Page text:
50,000 dosas in Dubai and counting: Meet a super-fan of the famous South Indian snack

An Anglo-Indian on the trail of the famous South Indian snack on what tickles his palate

By Leslie Wilson Jr.; Visuals by Shihab

Published: Mon 6 Jun 2022, 3:15 PM

Last updated: Mon 6 Jun 2022, 7:58 PM

A sizzling dosa is flipped over the large tava (traditional Indian cooking plate) by a chef at a busy South Indian restaurant in Dubai. Foodies are trooping in as I wait patiently for my staple. There’s an air of expectation as the rich aroma of spices fills the air.

I wait and watch as the dish crackles to life and turns mild brown, ready to be served. The chef casts a glance and smiles at me through the glass partition. I know him well after years of tasting his speciality. He's the best at what he does. This eatery is close to my heart. It feels like home and is comforting on a searing day in Dubai.

The crispy delight is now ready to be served, just the way I like it — well done but not overcooked.

I can't count how many I have eaten during my three decades in Dubai, but the figure is easily over 50,000. No kidding!

My taste for this Indian snack began during my early years in Bangalore, a vibrant, demographically diverse city in South India. I am Anglo-Indian, but a pure vegetarian. Most people of mixed-race ancestry like me love their meat chops and sausages. I stand out with my dosa fixation. If they salivate on the French crepe, I simply eat dosa, the original Indian crepe.

In my youth, I would save pocket money to spend on this traditional South Indian dish. I tried to hide my vegetarian leanings from my folks. My mum always thought that it was a passing phase. She was wrong. I was born to be a vegan, even before veganism became vogue.

For those of you who may not know this, the dosa is a pancake or crepe and is one of India’s favourite snacks. It is essentially made from a fermented batter of rice and lentils and is served with a mildly-spicy chutney (dip) and sambar, another South Indian concoction.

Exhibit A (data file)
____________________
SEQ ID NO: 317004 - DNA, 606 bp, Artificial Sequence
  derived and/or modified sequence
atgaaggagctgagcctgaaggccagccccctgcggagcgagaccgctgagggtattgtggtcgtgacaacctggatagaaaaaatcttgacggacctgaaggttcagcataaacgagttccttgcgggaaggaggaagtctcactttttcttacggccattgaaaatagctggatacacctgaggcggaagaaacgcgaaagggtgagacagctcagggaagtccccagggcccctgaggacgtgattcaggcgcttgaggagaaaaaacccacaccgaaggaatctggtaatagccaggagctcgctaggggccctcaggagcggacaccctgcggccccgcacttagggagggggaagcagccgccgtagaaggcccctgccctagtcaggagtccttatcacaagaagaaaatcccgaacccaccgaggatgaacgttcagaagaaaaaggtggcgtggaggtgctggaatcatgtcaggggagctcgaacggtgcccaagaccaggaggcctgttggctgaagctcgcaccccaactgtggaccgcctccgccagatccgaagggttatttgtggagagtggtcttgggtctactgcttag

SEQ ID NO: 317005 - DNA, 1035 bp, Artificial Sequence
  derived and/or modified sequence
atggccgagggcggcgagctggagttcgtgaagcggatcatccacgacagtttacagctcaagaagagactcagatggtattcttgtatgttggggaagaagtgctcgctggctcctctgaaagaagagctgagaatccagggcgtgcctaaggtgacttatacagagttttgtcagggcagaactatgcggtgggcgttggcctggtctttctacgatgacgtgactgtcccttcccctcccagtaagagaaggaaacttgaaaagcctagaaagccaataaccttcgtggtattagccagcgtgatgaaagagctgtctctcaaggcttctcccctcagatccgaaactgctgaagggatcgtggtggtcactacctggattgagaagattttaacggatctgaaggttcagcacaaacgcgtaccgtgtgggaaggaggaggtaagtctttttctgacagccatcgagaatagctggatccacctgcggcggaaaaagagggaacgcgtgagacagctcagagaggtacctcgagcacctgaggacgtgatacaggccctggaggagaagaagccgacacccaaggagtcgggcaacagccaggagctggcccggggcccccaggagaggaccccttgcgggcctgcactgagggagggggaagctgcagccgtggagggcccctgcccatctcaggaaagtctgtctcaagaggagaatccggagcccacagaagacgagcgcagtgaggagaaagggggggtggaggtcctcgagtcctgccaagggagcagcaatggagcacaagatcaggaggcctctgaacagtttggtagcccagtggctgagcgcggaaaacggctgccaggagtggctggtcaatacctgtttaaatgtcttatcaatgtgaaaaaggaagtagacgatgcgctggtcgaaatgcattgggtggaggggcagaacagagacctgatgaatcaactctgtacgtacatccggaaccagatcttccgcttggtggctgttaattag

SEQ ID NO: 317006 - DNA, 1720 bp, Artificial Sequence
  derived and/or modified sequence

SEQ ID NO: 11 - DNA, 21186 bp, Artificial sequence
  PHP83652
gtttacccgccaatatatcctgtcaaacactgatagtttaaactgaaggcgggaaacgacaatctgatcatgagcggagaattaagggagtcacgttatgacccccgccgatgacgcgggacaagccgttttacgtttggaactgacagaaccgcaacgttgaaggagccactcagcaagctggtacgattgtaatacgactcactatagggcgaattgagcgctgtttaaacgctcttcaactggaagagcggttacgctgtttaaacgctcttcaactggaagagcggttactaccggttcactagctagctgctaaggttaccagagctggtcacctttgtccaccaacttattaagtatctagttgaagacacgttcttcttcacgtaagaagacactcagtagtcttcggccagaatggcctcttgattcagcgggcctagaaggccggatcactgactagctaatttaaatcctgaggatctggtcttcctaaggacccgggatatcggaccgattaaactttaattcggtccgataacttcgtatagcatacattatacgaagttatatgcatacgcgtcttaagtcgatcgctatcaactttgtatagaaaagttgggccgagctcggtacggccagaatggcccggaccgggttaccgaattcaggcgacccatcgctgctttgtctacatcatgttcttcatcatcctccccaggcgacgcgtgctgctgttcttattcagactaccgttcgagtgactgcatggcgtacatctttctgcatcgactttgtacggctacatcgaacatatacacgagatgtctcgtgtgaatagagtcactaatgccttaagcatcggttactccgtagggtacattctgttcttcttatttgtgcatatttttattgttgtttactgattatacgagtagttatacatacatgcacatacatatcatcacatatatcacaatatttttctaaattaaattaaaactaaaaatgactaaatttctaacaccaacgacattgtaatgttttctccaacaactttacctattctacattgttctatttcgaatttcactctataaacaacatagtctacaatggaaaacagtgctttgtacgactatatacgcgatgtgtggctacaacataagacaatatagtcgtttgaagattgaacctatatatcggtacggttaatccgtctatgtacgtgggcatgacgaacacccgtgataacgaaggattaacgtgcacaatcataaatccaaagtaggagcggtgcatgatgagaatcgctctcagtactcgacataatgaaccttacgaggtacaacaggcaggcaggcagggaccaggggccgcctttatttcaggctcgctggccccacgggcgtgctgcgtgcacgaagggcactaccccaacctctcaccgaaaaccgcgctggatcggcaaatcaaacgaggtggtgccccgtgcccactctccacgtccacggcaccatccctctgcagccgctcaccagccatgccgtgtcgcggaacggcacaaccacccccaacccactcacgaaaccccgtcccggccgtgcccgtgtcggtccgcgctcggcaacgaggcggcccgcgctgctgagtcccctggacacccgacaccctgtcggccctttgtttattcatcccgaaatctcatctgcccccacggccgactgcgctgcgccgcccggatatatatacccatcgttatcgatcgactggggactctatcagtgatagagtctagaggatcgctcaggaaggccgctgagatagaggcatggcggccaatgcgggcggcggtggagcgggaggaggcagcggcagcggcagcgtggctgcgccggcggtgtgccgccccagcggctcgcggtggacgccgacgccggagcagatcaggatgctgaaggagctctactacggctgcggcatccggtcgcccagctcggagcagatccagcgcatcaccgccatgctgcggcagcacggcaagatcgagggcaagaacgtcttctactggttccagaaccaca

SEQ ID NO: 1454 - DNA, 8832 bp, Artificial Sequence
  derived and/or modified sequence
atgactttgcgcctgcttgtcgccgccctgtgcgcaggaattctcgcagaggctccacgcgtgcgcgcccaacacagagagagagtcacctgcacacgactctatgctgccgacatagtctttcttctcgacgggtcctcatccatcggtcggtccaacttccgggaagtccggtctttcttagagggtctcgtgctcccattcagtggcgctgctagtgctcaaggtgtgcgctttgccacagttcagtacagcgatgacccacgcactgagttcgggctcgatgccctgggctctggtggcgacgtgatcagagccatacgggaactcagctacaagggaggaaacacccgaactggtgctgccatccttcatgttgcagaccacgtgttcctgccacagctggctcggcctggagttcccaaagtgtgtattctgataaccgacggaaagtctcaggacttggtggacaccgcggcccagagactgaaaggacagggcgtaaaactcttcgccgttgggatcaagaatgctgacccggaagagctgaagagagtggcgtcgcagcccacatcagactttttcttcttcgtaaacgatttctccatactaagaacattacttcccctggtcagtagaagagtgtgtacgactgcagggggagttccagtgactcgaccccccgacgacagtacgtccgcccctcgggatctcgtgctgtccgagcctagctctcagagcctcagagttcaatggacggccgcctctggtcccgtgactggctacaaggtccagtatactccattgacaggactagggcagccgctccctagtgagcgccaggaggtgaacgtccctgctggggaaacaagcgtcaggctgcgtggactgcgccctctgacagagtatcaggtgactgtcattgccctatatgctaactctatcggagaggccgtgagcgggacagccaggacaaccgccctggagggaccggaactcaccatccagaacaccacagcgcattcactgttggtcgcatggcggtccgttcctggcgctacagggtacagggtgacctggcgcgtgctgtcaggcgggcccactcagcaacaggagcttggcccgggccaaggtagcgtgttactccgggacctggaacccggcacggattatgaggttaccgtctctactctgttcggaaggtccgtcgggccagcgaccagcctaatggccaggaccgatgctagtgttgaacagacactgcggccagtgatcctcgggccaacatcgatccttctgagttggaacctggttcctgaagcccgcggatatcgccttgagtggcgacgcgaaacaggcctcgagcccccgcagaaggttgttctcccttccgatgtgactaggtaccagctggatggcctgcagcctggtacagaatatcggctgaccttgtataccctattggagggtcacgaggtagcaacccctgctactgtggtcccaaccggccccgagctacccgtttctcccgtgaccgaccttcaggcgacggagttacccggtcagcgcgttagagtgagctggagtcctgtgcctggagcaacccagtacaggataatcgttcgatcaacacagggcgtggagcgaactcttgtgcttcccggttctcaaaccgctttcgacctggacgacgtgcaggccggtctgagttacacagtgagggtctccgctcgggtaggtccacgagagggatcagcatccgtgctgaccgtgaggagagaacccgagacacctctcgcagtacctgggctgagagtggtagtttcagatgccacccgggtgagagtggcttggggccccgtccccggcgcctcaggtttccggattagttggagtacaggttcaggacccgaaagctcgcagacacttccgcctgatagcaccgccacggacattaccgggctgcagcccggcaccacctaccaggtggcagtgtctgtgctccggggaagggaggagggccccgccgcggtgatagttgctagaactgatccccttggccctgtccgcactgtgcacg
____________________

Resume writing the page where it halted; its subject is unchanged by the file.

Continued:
The dosa is believed to have originated in the 1st century AD in the temple city of Udupi in Karnataka, India. Udupi cuisine has contributed significantly to the country’s gastronomic heritage, in which the dosa has been a major player.

You can find dosas in other states in India, including Tamil Nadu, where they are hugely popular. For me, however, it is the Udupi dosa that is the gold standard.

Dosa tripping in Dubai

When I moved to Dubai in the early nineties, I was surprised to discover that many restaurants served dosas that were similar to the Udupi classic.

In the next 30 years, I must have visited almost every one of them. The legendary MTR dosa is right at the top of the list, though Shri Krishna Bhavan, Bengre Kamat, Venus, and Hari Prasad give it a run for its money.

Personally, MTR’s dosas are the closest to perfection. From the way they look to the texture, taste, and potato palya (stuffing), to the way it digests… these guys hit the ball out of the park with this marvel - as evidenced by how packed the place can get.

Shri Krishna Bhavan in Karama serves a mouth-watering Davangere Benne (butter) dosa and an open dosa, which is a speciality of the house. Both are yummy and easy on the tummy.

Being a die-hard Udupi dosa lover, I’m not much of a fan of varieties from Tamil Nadu, Hyderabad, and Bombay. But I have to admit that the Sangeeta chain serves several kinds of very appetising dosas.

Talking up their dosas

Kumar, who is the master dosa-maker at MTR, says he is proud to be associated with a brand that has a 100-year history.

“I am from Mandya district in Karnataka, and ever since I joined MTR over 10 years ago, I have become famous in my village,” he says. “Our main ingredient is unpolished red rice, which is a healthier option, and gives the MTR dosa its unique taste.”

Gurmeet Singh, restaurant manager at MTR Dubai says he first fell in love with the dosa his grandma used to make.

"Every time she travelled from Punjab to visit our house in Andhra, she would bring with her fresh, new, green wheat to make us cheela (water) dosas. They were delicious — like all grandmothers' cooking is. This is how I got attached to the dosa and also ended up working for a dosa chain.”

Chandrashekar, managing director of Shri Krishna Bhavan, says his Davangere Benne dosa is unique, flavoursome and authentically Udupi.

Chefs Madhukar Shetty, Rajesh, and Yogesh, who have been trained in Bangalore, concur and point out that the aloo masala (potato) that accompanies their dosa is to die for.

Chef and dosa specialist Kandaswamy from Sangeetha’s branch in Karama, says: “Our passion is to make a unique and delicious dosa every day to give every customer a reason to return to our restaurant.”

Dosa aficionados I bump into say they can eat the snack three times a day. For Farida Sait Munaf from Bangalore, it's an addiction. She can eat dosas for breakfast, lunch, and dinner. Here are a few more 'dosa faithfuls', who say they can consume every last scrumptious morsel of their meal.

Weekends are particularly crowded at these restaurants. Often, queues spill onto the streets but that does not deter dosa-lovers from waiting to bite into the crispy goodness.

It's the weekend already and I am heading out to add to my tally of dosas. When was the last time I had my fill of the dish? Last night, my wife reminds me. Who cares, I reply. The best time for dosa is anytime.

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